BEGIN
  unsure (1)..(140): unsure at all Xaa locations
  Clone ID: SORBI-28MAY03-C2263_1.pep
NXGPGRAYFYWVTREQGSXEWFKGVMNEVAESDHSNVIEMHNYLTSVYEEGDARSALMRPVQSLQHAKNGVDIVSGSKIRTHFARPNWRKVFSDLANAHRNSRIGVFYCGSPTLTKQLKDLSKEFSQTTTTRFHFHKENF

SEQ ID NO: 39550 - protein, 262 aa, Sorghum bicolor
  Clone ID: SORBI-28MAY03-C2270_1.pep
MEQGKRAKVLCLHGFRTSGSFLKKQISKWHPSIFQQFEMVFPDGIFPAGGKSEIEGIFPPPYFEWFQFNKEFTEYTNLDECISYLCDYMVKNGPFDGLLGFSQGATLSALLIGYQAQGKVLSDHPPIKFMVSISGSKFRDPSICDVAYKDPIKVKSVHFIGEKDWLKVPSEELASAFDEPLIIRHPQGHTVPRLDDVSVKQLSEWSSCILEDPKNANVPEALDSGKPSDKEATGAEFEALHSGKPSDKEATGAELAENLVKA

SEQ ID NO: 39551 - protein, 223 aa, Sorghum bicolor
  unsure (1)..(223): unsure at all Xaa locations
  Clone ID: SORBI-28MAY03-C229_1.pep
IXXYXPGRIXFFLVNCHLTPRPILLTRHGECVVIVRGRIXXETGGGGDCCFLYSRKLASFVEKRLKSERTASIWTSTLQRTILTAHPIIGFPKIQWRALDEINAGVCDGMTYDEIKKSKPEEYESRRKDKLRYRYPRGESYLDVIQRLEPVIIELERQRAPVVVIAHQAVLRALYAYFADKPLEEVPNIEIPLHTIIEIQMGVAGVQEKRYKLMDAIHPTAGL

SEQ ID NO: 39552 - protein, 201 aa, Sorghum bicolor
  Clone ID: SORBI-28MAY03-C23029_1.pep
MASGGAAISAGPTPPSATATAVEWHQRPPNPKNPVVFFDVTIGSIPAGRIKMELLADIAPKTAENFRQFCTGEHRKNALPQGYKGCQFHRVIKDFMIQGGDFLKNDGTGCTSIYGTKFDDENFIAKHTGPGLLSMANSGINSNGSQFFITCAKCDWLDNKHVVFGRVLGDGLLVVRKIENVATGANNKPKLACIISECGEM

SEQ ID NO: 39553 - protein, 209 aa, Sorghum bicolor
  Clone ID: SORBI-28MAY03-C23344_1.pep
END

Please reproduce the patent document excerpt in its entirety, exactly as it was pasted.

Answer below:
  unsure (1)..(140): unsure at all Xaa locations
  Clone ID: SORBI-28MAY03-C2263_1.pep
NXGPGRAYFYWVTREQGSXEWFKGVMNEVAESDHSNVIEMHNYLTSVYEEGDARSALMRPVQSLQHAKNGVDIVSGSKIRTHFARPNWRKVFSDLANAHRNSRIGVFYCGSPTLTKQLKDLSKEFSQTTTTRFHFHKENF

SEQ ID NO: 39550 - protein, 262 aa, Sorghum bicolor
  Clone ID: SORBI-28MAY03-C2270_1.pep
MEQGKRAKVLCLHGFRTSGSFLKKQISKWHPSIFQQFEMVFPDGIFPAGGKSEIEGIFPPPYFEWFQFNKEFTEYTNLDECISYLCDYMVKNGPFDGLLGFSQGATLSALLIGYQAQGKVLSDHPPIKFMVSISGSKFRDPSICDVAYKDPIKVKSVHFIGEKDWLKVPSEELASAFDEPLIIRHPQGHTVPRLDDVSVKQLSEWSSCILEDPKNANVPEALDSGKPSDKEATGAEFEALHSGKPSDKEATGAELAENLVKA

SEQ ID NO: 39551 - protein, 223 aa, Sorghum bicolor
  unsure (1)..(223): unsure at all Xaa locations
  Clone ID: SORBI-28MAY03-C229_1.pep
IXXYXPGRIXFFLVNCHLTPRPILLTRHGECVVIVRGRIXXETGGGGDCCFLYSRKLASFVEKRLKSERTASIWTSTLQRTILTAHPIIGFPKIQWRALDEINAGVCDGMTYDEIKKSKPEEYESRRKDKLRYRYPRGESYLDVIQRLEPVIIELERQRAPVVVIAHQAVLRALYAYFADKPLEEVPNIEIPLHTIIEIQMGVAGVQEKRYKLMDAIHPTAGL

SEQ ID NO: 39552 - protein, 201 aa, Sorghum bicolor
  Clone ID: SORBI-28MAY03-C23029_1.pep
MASGGAAISAGPTPPSATATAVEWHQRPPNPKNPVVFFDVTIGSIPAGRIKMELLADIAPKTAENFRQFCTGEHRKNALPQGYKGCQFHRVIKDFMIQGGDFLKNDGTGCTSIYGTKFDDENFIAKHTGPGLLSMANSGINSNGSQFFITCAKCDWLDNKHVVFGRVLGDGLLVVRKIENVATGANNKPKLACIISECGEM

SEQ ID NO: 39553 - protein, 209 aa, Sorghum bicolor
  Clone ID: SORBI-28MAY03-C23344_1.pep